Egypt: A Grand Delusion: Democracy and Economic Reform in Egypt
Springborg, Robert, The Middle East Journal
A Grand Delusion: Democracy and Economic Reform in Egypt, by Eberhard Kienle. London and New York: LB. Tauris Publishers, 2001. xiv + 200 pages. Notes to p. 245. Bibl. to p. 267. Index to p. 274. $59.50 cloth; $24.50 paper.
The title of this work is misleading, for while Kienle provides a thorough description of political "deliberalization" under President Husni Mubarak, he devotes much less attention to the economy and its linkages to the polity. His primary purpose is to debunk the contention of the Egyptian government and certain Western scholars and governments that a reforming Egypt is on the path to democracy, a contention that, alas, even Mubarak himself had abandoned well before the book appeared in English in 2001. The thesis of the work no longer in question, its contribution is that of providing a thorough documentary record of the legal and extra-legal means employed by the state to restrict political liberties during the early and middle 1990s. Kienle has done an admirable job in recounting the by-now familiar story of how the regime manipulated local and national elections, harassed human rights activists and groups, censored the media, subordinated unions and professional associations, marginalized opposition political parties, tortured political prisoners and, in short, created a dictatorship in which the population is thoroughly cowed.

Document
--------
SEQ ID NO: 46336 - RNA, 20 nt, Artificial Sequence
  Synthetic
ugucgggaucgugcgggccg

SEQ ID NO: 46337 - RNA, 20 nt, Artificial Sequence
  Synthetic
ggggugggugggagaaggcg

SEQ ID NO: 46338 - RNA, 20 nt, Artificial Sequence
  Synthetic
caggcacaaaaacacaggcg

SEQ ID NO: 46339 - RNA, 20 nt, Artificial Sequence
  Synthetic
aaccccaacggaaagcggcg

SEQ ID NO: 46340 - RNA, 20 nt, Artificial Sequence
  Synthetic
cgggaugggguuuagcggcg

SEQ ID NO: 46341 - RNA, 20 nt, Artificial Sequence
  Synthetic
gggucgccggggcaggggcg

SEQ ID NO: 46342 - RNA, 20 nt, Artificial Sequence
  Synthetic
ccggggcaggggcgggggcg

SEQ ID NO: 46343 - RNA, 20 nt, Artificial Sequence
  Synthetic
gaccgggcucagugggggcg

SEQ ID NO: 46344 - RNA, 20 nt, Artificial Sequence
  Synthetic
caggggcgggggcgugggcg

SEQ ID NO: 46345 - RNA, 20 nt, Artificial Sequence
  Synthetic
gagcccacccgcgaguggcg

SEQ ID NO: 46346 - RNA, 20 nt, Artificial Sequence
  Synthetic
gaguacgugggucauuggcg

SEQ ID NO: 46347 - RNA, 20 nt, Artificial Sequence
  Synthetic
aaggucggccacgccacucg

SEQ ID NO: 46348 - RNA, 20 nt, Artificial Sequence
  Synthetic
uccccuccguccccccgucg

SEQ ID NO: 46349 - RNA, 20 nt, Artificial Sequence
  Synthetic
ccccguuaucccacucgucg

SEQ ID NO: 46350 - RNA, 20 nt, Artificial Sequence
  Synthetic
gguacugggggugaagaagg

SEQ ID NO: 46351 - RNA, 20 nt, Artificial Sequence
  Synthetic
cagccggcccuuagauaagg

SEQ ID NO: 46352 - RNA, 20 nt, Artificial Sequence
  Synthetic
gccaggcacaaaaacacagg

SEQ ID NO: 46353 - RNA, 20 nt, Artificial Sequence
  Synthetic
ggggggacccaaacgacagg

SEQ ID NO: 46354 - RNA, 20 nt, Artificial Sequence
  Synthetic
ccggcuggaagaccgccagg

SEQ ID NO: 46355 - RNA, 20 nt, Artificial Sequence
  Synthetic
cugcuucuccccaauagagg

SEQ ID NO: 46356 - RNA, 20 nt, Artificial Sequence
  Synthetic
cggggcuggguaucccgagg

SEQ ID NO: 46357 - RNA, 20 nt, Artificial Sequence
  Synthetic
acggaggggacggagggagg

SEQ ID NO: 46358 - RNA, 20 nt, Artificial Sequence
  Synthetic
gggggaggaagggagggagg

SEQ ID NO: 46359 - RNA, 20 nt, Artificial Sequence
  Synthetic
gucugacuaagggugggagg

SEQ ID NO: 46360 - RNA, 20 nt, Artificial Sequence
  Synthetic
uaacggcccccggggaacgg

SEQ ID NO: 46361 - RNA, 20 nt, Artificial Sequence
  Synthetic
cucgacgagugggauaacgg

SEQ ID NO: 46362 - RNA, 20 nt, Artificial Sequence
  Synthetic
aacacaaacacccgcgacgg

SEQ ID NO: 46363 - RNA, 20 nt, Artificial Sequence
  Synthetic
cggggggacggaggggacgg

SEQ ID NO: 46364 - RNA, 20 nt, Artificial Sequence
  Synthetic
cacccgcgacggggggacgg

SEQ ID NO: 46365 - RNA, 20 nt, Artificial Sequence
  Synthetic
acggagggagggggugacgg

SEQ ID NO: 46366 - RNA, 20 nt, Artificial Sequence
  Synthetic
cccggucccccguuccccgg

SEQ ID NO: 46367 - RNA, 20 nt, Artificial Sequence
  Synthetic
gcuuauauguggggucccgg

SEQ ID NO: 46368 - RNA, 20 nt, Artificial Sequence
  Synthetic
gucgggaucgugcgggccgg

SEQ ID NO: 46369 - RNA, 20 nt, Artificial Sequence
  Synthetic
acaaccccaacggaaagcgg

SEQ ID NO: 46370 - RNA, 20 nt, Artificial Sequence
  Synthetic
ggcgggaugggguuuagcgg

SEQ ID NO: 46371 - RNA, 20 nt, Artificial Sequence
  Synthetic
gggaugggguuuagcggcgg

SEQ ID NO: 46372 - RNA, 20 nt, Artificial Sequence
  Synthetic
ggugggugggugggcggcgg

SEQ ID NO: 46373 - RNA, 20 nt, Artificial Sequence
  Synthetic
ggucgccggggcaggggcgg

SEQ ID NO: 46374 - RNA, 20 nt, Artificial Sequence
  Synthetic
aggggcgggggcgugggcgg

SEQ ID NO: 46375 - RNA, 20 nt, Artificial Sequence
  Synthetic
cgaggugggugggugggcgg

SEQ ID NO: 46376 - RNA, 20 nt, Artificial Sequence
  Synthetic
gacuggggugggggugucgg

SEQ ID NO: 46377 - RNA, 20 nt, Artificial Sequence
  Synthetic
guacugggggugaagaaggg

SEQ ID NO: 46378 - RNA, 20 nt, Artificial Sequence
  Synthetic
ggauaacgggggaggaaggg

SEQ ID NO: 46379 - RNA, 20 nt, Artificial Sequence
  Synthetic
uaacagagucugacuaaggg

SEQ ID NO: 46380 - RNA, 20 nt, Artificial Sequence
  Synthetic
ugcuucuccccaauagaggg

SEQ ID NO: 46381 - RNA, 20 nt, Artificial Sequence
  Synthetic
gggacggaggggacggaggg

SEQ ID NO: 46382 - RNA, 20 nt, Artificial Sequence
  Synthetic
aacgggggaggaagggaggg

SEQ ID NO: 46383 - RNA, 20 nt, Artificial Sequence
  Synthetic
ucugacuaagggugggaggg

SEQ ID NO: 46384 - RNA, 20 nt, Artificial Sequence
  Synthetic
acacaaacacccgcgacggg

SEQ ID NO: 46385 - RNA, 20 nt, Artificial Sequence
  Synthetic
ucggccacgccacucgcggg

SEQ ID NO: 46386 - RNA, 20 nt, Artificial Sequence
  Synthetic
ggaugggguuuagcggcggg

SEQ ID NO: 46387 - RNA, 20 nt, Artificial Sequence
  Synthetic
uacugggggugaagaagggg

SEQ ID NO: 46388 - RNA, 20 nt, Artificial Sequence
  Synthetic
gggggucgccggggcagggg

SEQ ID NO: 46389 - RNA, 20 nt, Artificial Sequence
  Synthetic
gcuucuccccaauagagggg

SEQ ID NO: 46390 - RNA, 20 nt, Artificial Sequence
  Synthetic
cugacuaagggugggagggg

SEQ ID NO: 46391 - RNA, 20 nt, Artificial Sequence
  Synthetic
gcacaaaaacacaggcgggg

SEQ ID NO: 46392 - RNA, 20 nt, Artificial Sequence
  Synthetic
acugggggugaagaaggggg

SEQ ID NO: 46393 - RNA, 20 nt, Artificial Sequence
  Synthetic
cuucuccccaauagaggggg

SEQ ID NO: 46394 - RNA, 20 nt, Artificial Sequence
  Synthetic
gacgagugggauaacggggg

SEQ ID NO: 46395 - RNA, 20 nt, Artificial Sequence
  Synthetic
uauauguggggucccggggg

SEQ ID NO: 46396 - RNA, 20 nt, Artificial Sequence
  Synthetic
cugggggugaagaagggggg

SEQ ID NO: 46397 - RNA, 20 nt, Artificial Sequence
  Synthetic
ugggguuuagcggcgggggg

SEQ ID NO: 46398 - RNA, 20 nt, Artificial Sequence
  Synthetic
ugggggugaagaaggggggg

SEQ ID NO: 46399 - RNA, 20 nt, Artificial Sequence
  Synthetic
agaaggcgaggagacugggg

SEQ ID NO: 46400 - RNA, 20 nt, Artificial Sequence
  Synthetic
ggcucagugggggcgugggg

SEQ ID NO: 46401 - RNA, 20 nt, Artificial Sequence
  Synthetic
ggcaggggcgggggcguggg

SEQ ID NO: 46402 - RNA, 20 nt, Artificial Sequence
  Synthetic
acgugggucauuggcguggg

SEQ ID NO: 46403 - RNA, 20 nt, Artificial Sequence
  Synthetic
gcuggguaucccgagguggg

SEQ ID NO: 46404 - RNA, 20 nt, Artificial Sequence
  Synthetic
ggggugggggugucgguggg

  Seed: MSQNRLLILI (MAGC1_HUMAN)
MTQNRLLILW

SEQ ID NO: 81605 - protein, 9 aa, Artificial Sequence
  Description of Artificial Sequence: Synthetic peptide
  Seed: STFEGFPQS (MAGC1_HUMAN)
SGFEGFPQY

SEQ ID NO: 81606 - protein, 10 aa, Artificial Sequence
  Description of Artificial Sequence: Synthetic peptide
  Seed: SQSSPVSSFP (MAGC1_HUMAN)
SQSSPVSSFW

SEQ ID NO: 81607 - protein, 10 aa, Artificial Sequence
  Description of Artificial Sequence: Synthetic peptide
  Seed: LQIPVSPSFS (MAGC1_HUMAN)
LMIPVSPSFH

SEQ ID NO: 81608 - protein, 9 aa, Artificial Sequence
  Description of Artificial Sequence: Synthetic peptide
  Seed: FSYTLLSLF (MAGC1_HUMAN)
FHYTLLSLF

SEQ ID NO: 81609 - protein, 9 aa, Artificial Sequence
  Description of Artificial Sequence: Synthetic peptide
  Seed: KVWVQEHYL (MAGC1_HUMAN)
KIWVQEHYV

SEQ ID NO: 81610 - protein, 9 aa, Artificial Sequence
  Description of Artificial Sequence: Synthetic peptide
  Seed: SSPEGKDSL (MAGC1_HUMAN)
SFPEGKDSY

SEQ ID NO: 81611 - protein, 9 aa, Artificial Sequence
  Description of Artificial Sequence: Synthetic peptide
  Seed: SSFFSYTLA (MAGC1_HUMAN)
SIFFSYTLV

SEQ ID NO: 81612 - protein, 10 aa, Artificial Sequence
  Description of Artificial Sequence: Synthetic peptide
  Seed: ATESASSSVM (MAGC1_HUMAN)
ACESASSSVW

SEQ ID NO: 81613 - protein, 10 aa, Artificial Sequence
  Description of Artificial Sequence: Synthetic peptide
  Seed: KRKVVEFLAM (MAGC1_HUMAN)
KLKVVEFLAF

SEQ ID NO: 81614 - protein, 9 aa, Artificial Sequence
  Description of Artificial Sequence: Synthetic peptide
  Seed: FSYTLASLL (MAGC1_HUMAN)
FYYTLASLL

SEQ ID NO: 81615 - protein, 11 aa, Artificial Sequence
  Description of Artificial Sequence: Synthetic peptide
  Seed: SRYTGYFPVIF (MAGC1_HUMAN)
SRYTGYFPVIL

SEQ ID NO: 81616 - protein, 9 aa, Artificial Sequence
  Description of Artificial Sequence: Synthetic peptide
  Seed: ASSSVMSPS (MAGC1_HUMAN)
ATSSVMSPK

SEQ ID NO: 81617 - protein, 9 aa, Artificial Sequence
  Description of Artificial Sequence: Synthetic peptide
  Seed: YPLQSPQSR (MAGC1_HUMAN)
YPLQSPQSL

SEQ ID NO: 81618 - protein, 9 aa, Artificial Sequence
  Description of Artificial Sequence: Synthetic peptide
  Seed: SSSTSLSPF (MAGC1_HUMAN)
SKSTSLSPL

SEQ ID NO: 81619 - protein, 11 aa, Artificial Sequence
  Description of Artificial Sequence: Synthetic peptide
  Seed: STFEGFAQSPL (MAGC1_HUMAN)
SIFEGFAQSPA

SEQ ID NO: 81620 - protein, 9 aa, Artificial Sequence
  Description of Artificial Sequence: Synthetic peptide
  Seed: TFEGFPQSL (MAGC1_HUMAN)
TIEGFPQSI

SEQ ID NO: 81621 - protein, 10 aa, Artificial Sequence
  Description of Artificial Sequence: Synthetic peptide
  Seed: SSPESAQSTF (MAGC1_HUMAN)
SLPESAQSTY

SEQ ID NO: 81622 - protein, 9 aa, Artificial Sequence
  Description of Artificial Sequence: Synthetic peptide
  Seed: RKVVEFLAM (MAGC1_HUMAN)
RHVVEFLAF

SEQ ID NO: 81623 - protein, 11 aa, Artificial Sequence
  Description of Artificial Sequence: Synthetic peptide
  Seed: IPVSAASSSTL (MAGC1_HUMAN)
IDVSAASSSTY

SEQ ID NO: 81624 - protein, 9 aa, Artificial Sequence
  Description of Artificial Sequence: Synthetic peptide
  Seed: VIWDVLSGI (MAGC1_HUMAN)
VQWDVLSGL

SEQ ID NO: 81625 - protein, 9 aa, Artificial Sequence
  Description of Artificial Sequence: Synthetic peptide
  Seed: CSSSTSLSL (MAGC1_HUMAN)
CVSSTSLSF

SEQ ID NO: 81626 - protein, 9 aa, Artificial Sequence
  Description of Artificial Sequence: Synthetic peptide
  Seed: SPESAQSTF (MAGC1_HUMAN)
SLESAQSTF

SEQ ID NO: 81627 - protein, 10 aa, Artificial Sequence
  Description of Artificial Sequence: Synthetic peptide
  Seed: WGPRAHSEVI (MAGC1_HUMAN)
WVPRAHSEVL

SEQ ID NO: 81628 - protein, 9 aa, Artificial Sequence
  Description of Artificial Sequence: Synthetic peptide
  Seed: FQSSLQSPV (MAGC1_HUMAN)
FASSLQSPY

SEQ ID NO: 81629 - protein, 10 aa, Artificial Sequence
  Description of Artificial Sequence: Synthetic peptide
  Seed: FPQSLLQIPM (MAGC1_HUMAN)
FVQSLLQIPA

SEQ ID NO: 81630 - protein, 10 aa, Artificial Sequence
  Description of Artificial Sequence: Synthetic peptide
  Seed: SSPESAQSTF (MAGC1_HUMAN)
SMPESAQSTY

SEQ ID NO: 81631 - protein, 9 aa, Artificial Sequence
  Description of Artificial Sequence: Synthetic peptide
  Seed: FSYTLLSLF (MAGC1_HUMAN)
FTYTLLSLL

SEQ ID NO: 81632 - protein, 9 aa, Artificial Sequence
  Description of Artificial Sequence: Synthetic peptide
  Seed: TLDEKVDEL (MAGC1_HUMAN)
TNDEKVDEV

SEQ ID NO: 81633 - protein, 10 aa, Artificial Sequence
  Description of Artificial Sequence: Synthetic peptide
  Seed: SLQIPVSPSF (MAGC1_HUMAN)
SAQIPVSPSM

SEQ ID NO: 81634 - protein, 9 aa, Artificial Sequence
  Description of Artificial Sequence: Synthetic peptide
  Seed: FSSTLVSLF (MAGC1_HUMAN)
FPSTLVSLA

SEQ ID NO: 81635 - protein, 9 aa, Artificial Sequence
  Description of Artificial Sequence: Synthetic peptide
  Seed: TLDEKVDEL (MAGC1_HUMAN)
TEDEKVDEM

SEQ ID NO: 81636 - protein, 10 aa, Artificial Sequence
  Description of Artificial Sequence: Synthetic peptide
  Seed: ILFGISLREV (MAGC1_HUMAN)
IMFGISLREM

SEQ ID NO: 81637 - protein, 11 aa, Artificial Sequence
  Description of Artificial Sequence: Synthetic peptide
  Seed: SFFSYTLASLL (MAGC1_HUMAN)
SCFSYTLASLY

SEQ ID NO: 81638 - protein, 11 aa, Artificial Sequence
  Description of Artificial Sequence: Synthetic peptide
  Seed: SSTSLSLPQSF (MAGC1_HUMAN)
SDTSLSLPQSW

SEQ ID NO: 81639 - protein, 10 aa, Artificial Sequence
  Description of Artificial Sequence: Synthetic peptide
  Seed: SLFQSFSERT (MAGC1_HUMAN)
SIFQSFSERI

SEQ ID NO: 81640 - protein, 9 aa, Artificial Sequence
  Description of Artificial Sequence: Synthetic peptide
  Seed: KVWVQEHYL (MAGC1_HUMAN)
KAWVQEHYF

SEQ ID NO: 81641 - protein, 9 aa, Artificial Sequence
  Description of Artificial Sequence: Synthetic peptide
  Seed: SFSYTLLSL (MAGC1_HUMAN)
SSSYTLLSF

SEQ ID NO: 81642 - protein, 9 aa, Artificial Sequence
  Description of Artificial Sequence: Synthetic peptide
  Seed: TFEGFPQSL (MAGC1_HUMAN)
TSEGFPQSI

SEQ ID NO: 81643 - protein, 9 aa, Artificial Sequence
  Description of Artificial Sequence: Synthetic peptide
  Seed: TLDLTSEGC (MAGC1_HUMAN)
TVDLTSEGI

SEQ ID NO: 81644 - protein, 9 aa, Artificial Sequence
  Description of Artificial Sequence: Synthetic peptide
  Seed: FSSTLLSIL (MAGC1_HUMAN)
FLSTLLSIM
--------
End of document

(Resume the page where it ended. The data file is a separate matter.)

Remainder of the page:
More a chronicle than a theoretical explication, the book under review nevertheless seeks to evaluate various interpretations of the motives lying behind the draconian deliberalization. Reviewing the evidence, Kienle rejects the oft-repeated notion, given more credence in the wake of September 1I th, that radical Islamism left the state with no alternative but to repress. He argues instead that Islamist violence provided justification for repression of all and sundry, not just the violent. The regime was intent on deliberalization because, according to Kienle, economic reform undertaken by a weak state requires a battening down of political hatches, and the very longevity of military rule has corroded political legitimacy, thus necessitating brutality to sustain incumbency. Kienle also investigates the intriguing issue of the interaction between state and society, and how the latter - increasingly depoliticized, marginalized, and Islamicize - has tolerated and even invited the excesses of the former. …